What Are Top-Level Internet Domains?

You’re probably familiar with most top-level internet domains such as .com, .org, and .net. But did you know that a ton of new domains are hitting the web? Tech Talker dives into the murky waters of .coffee, .dance, .ninja, and other new domain options.

Eric Escobar
5-minute read
Episode #126

The next phase is known as Landrush. This phase is where the public can buy the domain of their choice. This phase varies from TLD to TLD, but basically at this point domain names go for a premium price. If there’s no contest for the domain you’re after, it would cost about $400 to register the domain of your choice at this phase. However, registrars can also auction off sought-after domains to the highest bidder!

If there’s a domain out there that you’re really interested in getting during this phase, I highly recommend doing your homework, setting calendar reminders, and calculating how much you’re willing to spend to get the awesome domain you’re craving!

The last phase is known as General Availability, and this is when the domain is open to the public for registration.

Web domain registry sites offer preordering for specific domains. Essentially you pay a flat fee up front and they will try and register your domain as soon as it goes public. If they can’t register it, they will refund your money. This seems to me like a great way to go if you’re worried about a particular domain being snatched up right at the start!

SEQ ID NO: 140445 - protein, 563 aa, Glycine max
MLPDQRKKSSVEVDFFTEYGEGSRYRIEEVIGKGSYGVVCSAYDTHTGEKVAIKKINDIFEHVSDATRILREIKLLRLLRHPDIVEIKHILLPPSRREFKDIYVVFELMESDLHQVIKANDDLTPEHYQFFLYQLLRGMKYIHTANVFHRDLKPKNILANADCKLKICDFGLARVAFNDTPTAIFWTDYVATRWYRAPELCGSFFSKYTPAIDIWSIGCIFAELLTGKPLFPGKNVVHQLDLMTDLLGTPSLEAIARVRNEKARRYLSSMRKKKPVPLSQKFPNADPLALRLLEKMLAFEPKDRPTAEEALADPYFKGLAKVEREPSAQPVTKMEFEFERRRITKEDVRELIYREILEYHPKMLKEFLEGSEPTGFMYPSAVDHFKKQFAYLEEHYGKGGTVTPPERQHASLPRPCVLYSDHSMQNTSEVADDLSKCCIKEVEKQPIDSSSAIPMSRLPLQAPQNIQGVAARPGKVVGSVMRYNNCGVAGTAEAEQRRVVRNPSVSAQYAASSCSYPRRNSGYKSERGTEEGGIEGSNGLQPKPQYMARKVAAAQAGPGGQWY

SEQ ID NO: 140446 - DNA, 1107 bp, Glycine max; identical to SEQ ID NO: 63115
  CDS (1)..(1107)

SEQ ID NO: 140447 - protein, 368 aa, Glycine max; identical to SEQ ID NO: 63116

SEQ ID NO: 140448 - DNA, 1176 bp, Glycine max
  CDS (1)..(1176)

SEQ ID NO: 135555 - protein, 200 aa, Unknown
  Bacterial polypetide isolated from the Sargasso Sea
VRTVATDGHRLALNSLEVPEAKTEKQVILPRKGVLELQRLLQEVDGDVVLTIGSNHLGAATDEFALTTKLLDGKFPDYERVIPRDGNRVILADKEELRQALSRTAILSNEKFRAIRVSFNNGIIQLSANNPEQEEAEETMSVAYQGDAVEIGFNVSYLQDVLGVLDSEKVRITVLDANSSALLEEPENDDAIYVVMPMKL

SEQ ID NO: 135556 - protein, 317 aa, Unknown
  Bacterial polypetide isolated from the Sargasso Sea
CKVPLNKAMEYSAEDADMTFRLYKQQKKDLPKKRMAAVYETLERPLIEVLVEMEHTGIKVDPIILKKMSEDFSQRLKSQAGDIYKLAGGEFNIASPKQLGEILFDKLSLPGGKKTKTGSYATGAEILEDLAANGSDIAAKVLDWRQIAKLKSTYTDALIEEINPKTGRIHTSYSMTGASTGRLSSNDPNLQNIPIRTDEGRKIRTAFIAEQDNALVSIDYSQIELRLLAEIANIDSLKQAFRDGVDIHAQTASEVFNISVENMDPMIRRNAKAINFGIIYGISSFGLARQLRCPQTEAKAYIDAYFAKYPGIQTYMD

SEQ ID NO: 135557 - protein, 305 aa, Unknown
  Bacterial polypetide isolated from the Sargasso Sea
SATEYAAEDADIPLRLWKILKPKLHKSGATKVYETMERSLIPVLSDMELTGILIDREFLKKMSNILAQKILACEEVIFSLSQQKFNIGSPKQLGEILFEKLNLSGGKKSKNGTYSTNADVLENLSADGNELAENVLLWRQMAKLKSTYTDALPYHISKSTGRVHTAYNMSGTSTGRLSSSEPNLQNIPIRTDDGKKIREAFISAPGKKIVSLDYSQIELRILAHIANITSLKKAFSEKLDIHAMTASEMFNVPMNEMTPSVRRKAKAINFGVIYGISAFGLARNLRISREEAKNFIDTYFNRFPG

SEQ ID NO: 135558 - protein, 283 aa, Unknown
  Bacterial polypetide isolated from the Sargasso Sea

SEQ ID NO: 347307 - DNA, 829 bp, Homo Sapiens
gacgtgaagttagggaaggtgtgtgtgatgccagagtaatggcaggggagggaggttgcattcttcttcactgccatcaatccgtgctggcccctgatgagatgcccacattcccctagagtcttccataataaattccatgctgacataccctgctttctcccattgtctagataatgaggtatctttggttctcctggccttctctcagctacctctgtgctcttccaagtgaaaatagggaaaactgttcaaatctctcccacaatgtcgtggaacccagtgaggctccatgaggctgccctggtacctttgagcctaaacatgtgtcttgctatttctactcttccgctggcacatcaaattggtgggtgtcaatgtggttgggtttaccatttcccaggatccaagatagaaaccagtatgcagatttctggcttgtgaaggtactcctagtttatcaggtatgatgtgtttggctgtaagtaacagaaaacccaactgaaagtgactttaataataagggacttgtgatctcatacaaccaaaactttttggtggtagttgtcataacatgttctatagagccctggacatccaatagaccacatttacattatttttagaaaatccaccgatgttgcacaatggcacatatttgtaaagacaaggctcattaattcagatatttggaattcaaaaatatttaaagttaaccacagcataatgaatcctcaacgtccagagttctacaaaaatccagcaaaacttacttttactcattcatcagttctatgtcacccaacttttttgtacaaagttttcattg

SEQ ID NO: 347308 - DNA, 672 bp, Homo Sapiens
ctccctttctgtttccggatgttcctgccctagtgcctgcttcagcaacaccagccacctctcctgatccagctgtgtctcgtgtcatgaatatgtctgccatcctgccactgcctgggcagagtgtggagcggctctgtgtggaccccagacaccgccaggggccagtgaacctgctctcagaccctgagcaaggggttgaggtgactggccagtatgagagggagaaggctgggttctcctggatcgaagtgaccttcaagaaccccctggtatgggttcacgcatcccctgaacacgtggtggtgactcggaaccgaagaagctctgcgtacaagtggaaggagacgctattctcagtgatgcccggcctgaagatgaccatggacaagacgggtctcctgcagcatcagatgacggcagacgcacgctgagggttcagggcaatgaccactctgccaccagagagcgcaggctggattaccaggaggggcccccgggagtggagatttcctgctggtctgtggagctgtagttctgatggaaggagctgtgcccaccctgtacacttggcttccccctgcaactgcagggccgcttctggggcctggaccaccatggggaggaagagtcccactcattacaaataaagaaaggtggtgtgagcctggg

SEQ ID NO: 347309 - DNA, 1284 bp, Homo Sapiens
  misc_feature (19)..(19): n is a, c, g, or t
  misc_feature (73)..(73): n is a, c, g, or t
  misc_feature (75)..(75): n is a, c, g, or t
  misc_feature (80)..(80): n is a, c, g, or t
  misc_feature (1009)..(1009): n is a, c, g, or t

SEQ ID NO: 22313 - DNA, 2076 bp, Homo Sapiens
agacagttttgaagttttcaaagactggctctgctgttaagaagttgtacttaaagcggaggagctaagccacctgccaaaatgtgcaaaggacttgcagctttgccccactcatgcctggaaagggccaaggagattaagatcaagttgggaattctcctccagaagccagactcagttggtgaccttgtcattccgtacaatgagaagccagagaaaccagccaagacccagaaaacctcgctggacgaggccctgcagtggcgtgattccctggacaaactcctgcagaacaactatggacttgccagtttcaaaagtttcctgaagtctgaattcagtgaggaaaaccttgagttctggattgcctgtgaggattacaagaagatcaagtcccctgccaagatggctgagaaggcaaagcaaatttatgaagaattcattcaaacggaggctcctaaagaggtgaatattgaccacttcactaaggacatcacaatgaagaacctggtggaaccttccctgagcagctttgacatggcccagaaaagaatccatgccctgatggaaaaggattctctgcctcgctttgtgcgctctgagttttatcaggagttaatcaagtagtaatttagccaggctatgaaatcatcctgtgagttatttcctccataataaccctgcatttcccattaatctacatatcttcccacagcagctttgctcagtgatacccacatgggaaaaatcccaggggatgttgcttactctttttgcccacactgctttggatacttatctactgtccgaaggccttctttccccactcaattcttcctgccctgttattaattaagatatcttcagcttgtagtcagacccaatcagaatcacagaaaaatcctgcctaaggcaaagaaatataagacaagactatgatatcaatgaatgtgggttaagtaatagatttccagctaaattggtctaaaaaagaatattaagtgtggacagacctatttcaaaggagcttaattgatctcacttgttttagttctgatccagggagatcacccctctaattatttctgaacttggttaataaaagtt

However this will only work in the General Availability stage.

The Speculation

There’s a lot of speculation going around about these new TLDs. Specifically, many people believe that the new TLDs are just a fad and that no one will take real notice of web sites that fail to use the standard .com, .org, or .net format.

There’s also a lot of worry that brand pirates will try and register domains specifically with the goal of then selling them to companies for a higher price.

Personally, I agree that these TLDs will take a while to become widely accepted by the general public. But once they take a foothold in the marketplace, they may be just as well known and accepted as .com. If you're looking for a quick return on your investment, I wouldn’t pour a ton of money into a new TLD. But I definitely think that the release of new TLDs could lead to some interesting combinations down the line (for those clever enough to think of them).

With that, here are your 3 Quick and Dirty Tips for the new top-level internet domains hitting the market:

  1. nTLDs (new) or gTLDs (generic) stand for the new top-level domains hitting the internet that can be used just like .com or .net.

  2. Domains are first open to registration for Trademark Holders, then they are available for a premium price during the Landrush phase, and then they are made available to the general public.

  3. If you’re looking for a specific domain check out the full list of options here.

Well, that’s it for today! Be sure to check out all my earlier episodes at quickanddirtytips.com/tech-talker. And if you have further questions about this podcast or want to make a suggestion for a future episode, post them on Facebook.com/QDTtechtalker.

Until next time, I’m the Tech Talker, keeping technology simple!

Internet domains and new domains images courtesy of Shutterstock.


About the Author

Eric Escobar

Tech Talker demystifies technology and cutting edge devices so that even the most tech illiterate can understand what's going on with their computer or gadget — and what to do when something goes wrong.